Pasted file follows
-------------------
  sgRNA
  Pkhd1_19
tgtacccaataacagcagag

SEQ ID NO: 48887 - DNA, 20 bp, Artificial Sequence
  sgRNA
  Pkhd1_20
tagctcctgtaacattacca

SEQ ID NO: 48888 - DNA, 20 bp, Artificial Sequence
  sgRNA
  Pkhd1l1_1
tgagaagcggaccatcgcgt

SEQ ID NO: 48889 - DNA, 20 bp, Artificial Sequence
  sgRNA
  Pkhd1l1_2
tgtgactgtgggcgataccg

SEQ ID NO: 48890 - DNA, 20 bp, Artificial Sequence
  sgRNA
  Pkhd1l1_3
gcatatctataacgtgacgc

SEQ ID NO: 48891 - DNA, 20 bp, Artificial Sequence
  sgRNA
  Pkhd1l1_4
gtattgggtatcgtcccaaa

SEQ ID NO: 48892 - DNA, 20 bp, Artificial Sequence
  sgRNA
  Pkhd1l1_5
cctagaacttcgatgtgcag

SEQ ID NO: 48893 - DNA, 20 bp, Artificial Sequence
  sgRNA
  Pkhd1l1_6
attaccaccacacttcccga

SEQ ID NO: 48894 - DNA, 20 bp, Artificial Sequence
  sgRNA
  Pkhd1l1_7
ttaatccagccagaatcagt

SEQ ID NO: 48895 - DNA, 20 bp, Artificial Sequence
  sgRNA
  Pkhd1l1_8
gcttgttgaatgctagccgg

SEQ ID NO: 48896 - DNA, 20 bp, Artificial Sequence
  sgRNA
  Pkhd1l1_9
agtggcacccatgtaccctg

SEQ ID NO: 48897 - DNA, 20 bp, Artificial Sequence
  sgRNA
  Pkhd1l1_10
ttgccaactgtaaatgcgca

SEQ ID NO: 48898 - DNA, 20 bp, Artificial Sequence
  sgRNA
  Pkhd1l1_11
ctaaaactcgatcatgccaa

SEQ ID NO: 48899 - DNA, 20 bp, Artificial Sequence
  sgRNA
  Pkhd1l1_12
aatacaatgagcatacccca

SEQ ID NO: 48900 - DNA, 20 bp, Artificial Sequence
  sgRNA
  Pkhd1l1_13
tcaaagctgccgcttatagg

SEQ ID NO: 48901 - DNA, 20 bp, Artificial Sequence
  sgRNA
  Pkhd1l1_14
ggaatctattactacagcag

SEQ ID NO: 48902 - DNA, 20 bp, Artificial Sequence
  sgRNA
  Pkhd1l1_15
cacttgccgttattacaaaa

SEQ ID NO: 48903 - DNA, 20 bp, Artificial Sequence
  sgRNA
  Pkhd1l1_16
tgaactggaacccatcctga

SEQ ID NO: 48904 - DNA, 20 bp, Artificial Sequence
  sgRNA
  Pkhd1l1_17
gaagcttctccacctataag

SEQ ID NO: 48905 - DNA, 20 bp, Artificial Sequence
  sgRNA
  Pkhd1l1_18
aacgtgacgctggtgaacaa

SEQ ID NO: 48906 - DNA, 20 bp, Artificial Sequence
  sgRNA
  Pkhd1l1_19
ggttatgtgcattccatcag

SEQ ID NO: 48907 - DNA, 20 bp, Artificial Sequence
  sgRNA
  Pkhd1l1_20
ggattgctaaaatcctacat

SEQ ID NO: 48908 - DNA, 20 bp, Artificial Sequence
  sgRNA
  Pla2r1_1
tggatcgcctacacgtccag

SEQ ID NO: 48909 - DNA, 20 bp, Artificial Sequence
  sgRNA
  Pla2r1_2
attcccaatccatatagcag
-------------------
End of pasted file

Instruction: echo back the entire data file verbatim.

  sgRNA
  Pkhd1_19
tgtacccaataacagcagag

SEQ ID NO: 48887 - DNA, 20 bp, Artificial Sequence
  sgRNA
  Pkhd1_20
tagctcctgtaacattacca

SEQ ID NO: 48888 - DNA, 20 bp, Artificial Sequence
  sgRNA
  Pkhd1l1_1
tgagaagcggaccatcgcgt

SEQ ID NO: 48889 - DNA, 20 bp, Artificial Sequence
  sgRNA
  Pkhd1l1_2
tgtgactgtgggcgataccg

SEQ ID NO: 48890 - DNA, 20 bp, Artificial Sequence
  sgRNA
  Pkhd1l1_3
gcatatctataacgtgacgc

SEQ ID NO: 48891 - DNA, 20 bp, Artificial Sequence
  sgRNA
  Pkhd1l1_4
gtattgggtatcgtcccaaa

SEQ ID NO: 48892 - DNA, 20 bp, Artificial Sequence
  sgRNA
  Pkhd1l1_5
cctagaacttcgatgtgcag

SEQ ID NO: 48893 - DNA, 20 bp, Artificial Sequence
  sgRNA
  Pkhd1l1_6
attaccaccacacttcccga

SEQ ID NO: 48894 - DNA, 20 bp, Artificial Sequence
  sgRNA
  Pkhd1l1_7
ttaatccagccagaatcagt

SEQ ID NO: 48895 - DNA, 20 bp, Artificial Sequence
  sgRNA
  Pkhd1l1_8
gcttgttgaatgctagccgg

SEQ ID NO: 48896 - DNA, 20 bp, Artificial Sequence
  sgRNA
  Pkhd1l1_9
agtggcacccatgtaccctg

SEQ ID NO: 48897 - DNA, 20 bp, Artificial Sequence
  sgRNA
  Pkhd1l1_10
ttgccaactgtaaatgcgca

SEQ ID NO: 48898 - DNA, 20 bp, Artificial Sequence
  sgRNA
  Pkhd1l1_11
ctaaaactcgatcatgccaa

SEQ ID NO: 48899 - DNA, 20 bp, Artificial Sequence
  sgRNA
  Pkhd1l1_12
aatacaatgagcatacccca

SEQ ID NO: 48900 - DNA, 20 bp, Artificial Sequence
  sgRNA
  Pkhd1l1_13
tcaaagctgccgcttatagg

SEQ ID NO: 48901 - DNA, 20 bp, Artificial Sequence
  sgRNA
  Pkhd1l1_14
ggaatctattactacagcag

SEQ ID NO: 48902 - DNA, 20 bp, Artificial Sequence
  sgRNA
  Pkhd1l1_15
cacttgccgttattacaaaa

SEQ ID NO: 48903 - DNA, 20 bp, Artificial Sequence
  sgRNA
  Pkhd1l1_16
tgaactggaacccatcctga

SEQ ID NO: 48904 - DNA, 20 bp, Artificial Sequence
  sgRNA
  Pkhd1l1_17
gaagcttctccacctataag

SEQ ID NO: 48905 - DNA, 20 bp, Artificial Sequence
  sgRNA
  Pkhd1l1_18
aacgtgacgctggtgaacaa

SEQ ID NO: 48906 - DNA, 20 bp, Artificial Sequence
  sgRNA
  Pkhd1l1_19
ggttatgtgcattccatcag

SEQ ID NO: 48907 - DNA, 20 bp, Artificial Sequence
  sgRNA
  Pkhd1l1_20
ggattgctaaaatcctacat

SEQ ID NO: 48908 - DNA, 20 bp, Artificial Sequence
  sgRNA
  Pla2r1_1
tggatcgcctacacgtccag

SEQ ID NO: 48909 - DNA, 20 bp, Artificial Sequence
  sgRNA
  Pla2r1_2
attcccaatccatatagcag